One day in 1964...Spring had come early here in the Far Away Mountains, the land of wild hairy beasts, and brave hairy men. I had led my small party into this wild new frontier by way of the Dead Dog Trail, paddling the whitewater of the raging Hitchikatchee River, and beyond into the land not yet marked on maps. We pressed onwards, into Polecat Pass, where eyes watched our every move, and negotiated the mossy overhangs and vines of Cave Ape Mountain.
A whiskered, barrel chested mountain man of legend in these parts, I had embarked on this difficult journey in search of treasure. Gold...and stuff. Accompanying me on this dangerous quest are my two sidekicks, Lowland Larry and Whipsaw Walter, my woman, the lovely and mysterious Rita, and last but not least, my wolf dog, Whodat. Though not quite as barrel chested and whiskered as myself, Lowland Larry, and Whipsaw Walter have proven to be good trail companions. I had saved their lives once...of course. I remember it was back in '61, sneaking through the Valley Of The Bones one night to avoid waking the cave apes. Lucky for them, Whodat was able to direct me to the tar pit they were trapped in, we just got them out of there before the volcano went up. The three of us have had some wild times around old Fort Buckaroo too. Like that time I had to wrastle that one-eyed grizzle bear outside the Raccoon Saloon, back in '62 I think it was. That bear will think twice about coming into town again, by himself anyways. My woman, the lovely and mysterious Rita, served sarsaparilla's and played hontytonk accordion back at the ol' Raccoon and had hopelessly fallen for the tall handsome stranger from the border country that would wrestle belligerent Old One Eye on a dare. My highly trained wolf dog has been by my side since I rescued her from a den in an eroding river bank during the big flood of '57. The Wolf Dog's legend grew quickly, the mountain natives giving her the name Whodat. Translated from the local Higoochie dialect it means roughly, 'wanderer of neighborhood and neighbors garbage cans'.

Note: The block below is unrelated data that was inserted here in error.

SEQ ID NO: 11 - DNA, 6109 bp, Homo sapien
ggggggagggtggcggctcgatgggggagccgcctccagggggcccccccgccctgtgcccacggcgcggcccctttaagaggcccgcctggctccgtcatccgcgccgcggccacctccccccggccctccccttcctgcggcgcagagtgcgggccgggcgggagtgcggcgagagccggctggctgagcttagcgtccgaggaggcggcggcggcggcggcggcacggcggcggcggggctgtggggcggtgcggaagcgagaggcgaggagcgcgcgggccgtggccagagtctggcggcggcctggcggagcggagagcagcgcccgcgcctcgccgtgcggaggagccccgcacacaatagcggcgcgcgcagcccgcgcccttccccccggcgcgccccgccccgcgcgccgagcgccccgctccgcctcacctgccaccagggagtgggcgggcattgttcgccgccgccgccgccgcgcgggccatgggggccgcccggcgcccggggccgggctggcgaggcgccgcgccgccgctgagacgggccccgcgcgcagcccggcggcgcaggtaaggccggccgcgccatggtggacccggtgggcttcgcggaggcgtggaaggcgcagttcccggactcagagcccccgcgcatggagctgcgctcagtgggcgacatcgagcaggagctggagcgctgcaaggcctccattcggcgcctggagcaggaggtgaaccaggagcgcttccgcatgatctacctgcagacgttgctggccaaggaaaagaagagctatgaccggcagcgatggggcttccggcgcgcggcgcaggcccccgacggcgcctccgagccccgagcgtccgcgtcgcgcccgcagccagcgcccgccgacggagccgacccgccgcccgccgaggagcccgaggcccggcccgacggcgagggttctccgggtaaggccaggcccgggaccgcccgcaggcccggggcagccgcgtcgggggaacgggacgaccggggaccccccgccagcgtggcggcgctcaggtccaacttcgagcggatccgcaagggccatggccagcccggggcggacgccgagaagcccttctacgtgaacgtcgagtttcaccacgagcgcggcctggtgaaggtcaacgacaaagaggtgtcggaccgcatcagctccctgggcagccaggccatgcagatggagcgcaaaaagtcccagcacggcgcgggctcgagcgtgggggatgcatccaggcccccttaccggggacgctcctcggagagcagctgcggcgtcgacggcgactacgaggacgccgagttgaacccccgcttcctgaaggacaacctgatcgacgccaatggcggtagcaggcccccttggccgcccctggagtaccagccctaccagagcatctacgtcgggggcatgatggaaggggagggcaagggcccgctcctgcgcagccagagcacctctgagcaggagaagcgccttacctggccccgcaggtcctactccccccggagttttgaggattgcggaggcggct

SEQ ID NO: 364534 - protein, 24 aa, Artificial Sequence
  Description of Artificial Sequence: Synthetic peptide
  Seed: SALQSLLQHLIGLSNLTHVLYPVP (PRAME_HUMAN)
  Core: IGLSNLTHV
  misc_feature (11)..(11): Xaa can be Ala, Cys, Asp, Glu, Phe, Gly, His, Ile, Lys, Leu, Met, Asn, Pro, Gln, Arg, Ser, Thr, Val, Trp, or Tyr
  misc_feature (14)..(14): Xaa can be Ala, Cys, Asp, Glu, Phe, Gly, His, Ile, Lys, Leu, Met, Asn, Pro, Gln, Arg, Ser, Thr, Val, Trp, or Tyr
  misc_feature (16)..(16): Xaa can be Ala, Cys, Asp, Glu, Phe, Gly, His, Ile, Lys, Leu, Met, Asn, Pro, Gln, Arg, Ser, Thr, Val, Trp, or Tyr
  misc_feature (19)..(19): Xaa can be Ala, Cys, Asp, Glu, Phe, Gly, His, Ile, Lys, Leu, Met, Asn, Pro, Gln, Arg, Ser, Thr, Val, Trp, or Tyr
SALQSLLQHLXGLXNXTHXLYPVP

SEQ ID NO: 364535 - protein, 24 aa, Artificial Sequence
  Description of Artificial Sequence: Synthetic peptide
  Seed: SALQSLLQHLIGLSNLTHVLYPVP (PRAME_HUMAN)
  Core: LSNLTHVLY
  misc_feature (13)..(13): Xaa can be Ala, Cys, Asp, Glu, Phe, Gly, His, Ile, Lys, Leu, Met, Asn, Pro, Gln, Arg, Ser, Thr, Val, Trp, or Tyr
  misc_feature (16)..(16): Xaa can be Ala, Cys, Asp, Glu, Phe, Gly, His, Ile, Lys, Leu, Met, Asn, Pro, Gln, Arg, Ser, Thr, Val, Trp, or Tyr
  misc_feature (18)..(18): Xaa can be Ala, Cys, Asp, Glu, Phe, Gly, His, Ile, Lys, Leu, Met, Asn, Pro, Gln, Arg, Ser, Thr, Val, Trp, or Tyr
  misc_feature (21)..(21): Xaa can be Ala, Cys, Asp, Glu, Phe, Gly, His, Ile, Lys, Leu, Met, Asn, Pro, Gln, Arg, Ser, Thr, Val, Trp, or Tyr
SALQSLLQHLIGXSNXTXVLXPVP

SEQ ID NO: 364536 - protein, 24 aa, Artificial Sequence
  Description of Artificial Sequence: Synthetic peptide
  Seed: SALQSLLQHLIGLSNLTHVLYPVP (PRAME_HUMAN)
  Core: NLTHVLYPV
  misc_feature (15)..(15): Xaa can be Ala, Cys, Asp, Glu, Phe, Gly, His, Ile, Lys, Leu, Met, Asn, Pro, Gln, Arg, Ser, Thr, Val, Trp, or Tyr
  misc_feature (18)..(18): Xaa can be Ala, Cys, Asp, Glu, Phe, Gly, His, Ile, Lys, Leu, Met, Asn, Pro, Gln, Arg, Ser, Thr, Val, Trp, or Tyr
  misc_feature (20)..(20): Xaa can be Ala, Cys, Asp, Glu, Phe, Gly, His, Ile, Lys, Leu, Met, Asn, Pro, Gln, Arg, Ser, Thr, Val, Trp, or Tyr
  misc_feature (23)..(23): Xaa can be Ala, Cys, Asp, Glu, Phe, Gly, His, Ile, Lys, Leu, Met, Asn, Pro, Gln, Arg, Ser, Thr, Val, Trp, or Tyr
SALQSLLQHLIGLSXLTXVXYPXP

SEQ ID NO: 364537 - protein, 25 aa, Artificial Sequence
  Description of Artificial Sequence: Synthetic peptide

Safe passage to the country on the other side of Headless Kid Pass was granted by the chief of the remote Higoochie tribe. The Higoochies guarded the pass and had only recently stopped boiling mountain men in large black pots. My party had been granted access to the rich land beyond after I saved the entire band during the great gopher famine back in February.
Our journey had been a trying one, four years duration it was, and it was Winter for three of those years. It had been uphill all the way from Fort Buckaroo, and it will be uphill all the way back as well, at least until we lower ourselves up the other side of craggy Backward Mountain.
It had been a productive day discovering gold mines and hot pools. My woman, the lovely and mysterious Rita, sits with adoring eyes for her rugged, whiskered mountain man, mending my buckskin jacket after that run in I had with the sabre tooth mountain lion last night.
Lowland Larry and Whipsaw Walter are by the fire roasting fresh wieners caught today and laugh heartily while I regale them with tales of past escapades from the olden times, back before unexplored country got civilised like it is nowadays. Back when a man had to eat snow all Winter. And it was dark all the time. I leaned back against my pack board, took in the fresh air of the remote mountaintop and contemplated the view.